It is not meant to be a threat, but an assurance that everyone’s contracts will be automatically renewed every year if there have been no serious problems. All you have to do is take ownership and accept all the responsibilities that go with it!

You’re in and you stay in. You have control of your own destiny!

Under the SSP plan, assurance means improvement will be the byword every day of the year, not just lip service between training events. And the profit pool will grow exponentially as everyone gives it their all. Without fear.

You Also Have the Power of Governance

Not only does COWORK Entrepreneurs have no bosses, it has no governing board. You guessed it. That responsibility also falls to you.

I have been an executive for three organizations with governing boards.

Because I know better, my habit is “never to say never,” but it’s hard for me to believe there is a for-profit board (and many non-profits) anywhere in this country whose members are in it for the good of the organization, much less the good of those who work for it. Not even the customers they should represent.

They’re in it for themselves.

CEOs who succeed are either good dancers or good at slight of hand. There is not a job in the world more risky than that of a chief executive officer working for a corporate board. Even with a golden parachute, they have no security. If there is any good answer to why CEOs get such high salaries, it’s because they are agreeing to sit on the hot seat.

The difference in security between you and the CEO is that your position gets minimum compensation and no parachute!

In large corporations, you leave democracy behind when you punch in.

Outside the work place, democracy prevails. People rule in the polling place. Not so in the workplace. Ironic for America, don’t you think? Capitalism is not a democracy.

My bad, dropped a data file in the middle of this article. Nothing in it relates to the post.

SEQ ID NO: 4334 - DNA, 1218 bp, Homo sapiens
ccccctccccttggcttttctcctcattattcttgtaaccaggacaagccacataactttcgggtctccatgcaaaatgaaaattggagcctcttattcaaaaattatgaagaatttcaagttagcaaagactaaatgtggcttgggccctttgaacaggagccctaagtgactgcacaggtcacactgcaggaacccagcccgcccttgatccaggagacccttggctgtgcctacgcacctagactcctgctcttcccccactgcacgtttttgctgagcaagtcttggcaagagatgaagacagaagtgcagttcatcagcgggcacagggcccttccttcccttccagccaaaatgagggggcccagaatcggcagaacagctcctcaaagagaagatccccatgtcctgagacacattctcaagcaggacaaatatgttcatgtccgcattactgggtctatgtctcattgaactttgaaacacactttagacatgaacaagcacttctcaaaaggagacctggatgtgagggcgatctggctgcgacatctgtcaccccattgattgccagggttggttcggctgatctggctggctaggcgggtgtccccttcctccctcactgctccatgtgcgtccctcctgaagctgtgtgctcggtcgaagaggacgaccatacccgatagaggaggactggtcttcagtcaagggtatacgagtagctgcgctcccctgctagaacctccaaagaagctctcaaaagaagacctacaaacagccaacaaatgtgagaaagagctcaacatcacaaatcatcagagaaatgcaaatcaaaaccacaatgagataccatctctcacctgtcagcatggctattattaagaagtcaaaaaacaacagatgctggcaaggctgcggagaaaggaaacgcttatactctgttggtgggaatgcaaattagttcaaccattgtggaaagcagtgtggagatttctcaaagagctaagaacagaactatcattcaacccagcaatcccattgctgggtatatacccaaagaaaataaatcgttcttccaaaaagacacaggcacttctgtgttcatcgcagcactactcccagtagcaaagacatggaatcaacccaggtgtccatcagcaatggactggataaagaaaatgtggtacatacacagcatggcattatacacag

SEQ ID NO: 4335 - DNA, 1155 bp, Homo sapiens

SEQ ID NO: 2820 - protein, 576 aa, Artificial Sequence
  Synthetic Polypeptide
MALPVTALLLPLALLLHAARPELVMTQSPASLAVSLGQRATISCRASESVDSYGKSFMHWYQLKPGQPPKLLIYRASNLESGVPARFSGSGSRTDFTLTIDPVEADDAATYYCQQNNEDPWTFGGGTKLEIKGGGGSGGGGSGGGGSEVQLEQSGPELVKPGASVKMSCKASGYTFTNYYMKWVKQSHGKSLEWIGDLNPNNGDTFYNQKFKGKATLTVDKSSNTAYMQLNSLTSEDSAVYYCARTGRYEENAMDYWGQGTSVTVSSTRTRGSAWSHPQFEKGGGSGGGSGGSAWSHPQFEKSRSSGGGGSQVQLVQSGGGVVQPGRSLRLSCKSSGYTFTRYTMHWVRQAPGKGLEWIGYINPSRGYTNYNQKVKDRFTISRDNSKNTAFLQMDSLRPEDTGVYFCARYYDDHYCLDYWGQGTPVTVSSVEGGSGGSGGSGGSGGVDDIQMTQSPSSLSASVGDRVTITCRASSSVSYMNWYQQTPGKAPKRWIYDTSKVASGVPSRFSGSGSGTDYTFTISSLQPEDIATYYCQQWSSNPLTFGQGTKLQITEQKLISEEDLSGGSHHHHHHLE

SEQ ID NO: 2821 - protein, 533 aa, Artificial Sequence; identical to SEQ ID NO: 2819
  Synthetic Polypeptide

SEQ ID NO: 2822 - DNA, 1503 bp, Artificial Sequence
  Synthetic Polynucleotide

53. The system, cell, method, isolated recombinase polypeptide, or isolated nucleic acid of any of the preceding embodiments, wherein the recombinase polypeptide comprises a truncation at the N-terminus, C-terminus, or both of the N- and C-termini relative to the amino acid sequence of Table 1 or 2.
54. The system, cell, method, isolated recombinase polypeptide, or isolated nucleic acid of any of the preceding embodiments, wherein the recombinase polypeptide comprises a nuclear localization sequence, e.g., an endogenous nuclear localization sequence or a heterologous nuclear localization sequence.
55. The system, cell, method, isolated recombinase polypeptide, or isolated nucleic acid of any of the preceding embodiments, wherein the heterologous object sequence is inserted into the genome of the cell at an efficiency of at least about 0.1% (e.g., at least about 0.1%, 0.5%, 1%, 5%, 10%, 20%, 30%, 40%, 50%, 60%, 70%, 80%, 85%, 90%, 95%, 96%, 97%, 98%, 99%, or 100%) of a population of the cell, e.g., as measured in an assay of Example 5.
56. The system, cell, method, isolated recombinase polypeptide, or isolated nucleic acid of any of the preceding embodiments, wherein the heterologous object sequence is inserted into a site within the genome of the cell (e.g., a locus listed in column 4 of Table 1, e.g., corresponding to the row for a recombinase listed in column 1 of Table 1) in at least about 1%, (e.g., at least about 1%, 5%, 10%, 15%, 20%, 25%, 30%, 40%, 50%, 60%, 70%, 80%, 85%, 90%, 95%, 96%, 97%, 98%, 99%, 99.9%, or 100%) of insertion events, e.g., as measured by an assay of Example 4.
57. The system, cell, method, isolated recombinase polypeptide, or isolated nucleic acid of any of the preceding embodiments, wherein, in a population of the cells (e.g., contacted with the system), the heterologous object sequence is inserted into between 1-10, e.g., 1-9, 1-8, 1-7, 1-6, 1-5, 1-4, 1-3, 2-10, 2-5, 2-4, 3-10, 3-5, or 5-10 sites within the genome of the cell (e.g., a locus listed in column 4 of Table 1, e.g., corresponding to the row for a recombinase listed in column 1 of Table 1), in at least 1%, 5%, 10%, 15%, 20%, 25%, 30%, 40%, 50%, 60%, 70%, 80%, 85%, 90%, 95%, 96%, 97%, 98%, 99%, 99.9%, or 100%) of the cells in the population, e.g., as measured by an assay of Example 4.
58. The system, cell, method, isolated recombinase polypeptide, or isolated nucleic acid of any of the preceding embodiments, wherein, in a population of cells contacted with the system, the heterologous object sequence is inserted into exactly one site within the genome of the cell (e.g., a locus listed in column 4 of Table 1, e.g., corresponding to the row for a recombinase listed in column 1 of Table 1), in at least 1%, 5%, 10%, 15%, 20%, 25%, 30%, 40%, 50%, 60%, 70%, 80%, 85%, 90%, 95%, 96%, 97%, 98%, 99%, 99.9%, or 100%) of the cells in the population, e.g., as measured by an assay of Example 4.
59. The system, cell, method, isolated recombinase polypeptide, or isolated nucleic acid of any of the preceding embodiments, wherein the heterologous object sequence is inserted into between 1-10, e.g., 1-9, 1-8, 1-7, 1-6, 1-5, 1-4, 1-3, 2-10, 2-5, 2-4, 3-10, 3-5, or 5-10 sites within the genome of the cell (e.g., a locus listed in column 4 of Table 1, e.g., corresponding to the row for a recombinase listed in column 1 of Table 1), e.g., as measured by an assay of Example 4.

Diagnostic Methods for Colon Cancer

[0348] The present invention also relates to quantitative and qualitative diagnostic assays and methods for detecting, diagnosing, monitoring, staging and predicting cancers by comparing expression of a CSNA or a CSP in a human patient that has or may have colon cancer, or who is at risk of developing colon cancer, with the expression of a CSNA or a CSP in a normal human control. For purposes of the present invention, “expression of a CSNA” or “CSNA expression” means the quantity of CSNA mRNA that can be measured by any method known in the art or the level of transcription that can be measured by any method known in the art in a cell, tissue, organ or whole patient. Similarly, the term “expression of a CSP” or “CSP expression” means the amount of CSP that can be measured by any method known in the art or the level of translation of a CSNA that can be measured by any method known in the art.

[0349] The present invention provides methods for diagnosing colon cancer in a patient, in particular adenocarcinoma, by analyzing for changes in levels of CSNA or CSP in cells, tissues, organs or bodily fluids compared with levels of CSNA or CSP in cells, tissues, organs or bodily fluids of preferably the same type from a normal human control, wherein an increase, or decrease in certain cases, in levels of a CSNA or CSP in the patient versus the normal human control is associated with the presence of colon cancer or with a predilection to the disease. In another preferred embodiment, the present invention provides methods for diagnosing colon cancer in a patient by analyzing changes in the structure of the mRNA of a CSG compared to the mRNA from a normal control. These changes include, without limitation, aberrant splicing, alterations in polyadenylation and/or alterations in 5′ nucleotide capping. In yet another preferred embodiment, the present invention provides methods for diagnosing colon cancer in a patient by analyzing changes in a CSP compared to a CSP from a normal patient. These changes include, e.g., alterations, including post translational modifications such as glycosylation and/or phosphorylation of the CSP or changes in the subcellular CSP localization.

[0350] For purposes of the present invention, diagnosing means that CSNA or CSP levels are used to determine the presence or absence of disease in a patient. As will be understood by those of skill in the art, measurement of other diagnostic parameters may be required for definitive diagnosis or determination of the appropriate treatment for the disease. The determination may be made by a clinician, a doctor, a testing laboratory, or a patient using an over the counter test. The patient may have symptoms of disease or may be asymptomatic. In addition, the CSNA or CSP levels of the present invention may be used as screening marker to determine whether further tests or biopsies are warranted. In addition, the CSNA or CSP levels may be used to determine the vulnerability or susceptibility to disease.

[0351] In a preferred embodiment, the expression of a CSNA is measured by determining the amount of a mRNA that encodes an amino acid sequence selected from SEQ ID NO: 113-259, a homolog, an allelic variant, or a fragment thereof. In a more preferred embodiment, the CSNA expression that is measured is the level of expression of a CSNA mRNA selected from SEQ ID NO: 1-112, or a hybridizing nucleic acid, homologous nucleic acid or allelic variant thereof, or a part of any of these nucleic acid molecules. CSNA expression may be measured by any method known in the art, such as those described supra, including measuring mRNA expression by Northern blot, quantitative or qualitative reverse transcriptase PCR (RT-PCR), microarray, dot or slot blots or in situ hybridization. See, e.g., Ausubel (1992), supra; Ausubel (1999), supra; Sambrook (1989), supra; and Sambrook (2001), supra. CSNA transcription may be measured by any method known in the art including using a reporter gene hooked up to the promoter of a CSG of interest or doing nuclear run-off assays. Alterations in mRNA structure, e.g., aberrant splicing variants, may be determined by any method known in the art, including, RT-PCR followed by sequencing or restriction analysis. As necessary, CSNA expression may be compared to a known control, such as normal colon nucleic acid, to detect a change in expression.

COWORK Entrepreneurs is a democracy and its people share the power of governance.

The company will publish a periodic financial report for all colleagues including the size and purpose of a reasonable reserve fund intended to smooth out the ups and downs of market share. It will be used to smooth out the ups and downs of shared profits as well. COWORK Entrepreneurs will not be allowed to hold income beyond that level.

You and your colleagues will govern that reserve fund. Which means you will be in charge of the company’s finances.

As the reserve fund grows, colleagues may elect to use some of the excess to fund healthcare and/or retirement benefit packages. Maybe even childcare. After all, we are a socially responsible network!*

You will also have a voice in the annual budget.

Just as importantly, this is a business model that gives everyone a chance to use every ounce of their skills, knowledge and ingenuity while sharing in the wealth created! 

Profit Sharing the Ultimate Motivator

As you can see, command and control is not the motivator in COWORK Entrepreneurs™ or its eventual franchises.

What really makes the SSP model work is the mutuality of purpose. Of course the money matters, but critics are wrong when they say the only motivation for today’s workforce is money.

They are talking about unrestrained capitalism. We are not.

Capitalism is good again!

Please share.

Please move on to the next essay
Social Responsibility (SR) Good for Business

After Class Chat

Before COWORK Entrepreneurs launches, much of the details surrounding these ideas will need to be reviewed and probably revised by a business attorney and a CPA (Certified Public Accountant) as well as the leadership team. This is just what I want to do so far, and as I always say to my legal advisers, “I don’t want you to tell me what I can’t do. I want you to figure out how I can do it!”

And to my colleagues I say, “Tell me how to do it better.”

* There is a fail-safe clause in the reserve fund plan. If the colleagues elect to spend the reserve funds in a way that would jeopardize the financial stability of the company, as determined by an independent auditor, the company owner — with advice and counsel from the franchisor — is required by contract with the colleagues to step in. A last resort exercise of power, yes, but not the last word. It’s “back to the drawing boards.” Not a flat out rejection. A delay and a renewal of a mutual goal. A responsible plan to reach the goal.


Not My EconomicsPower and Duty Await You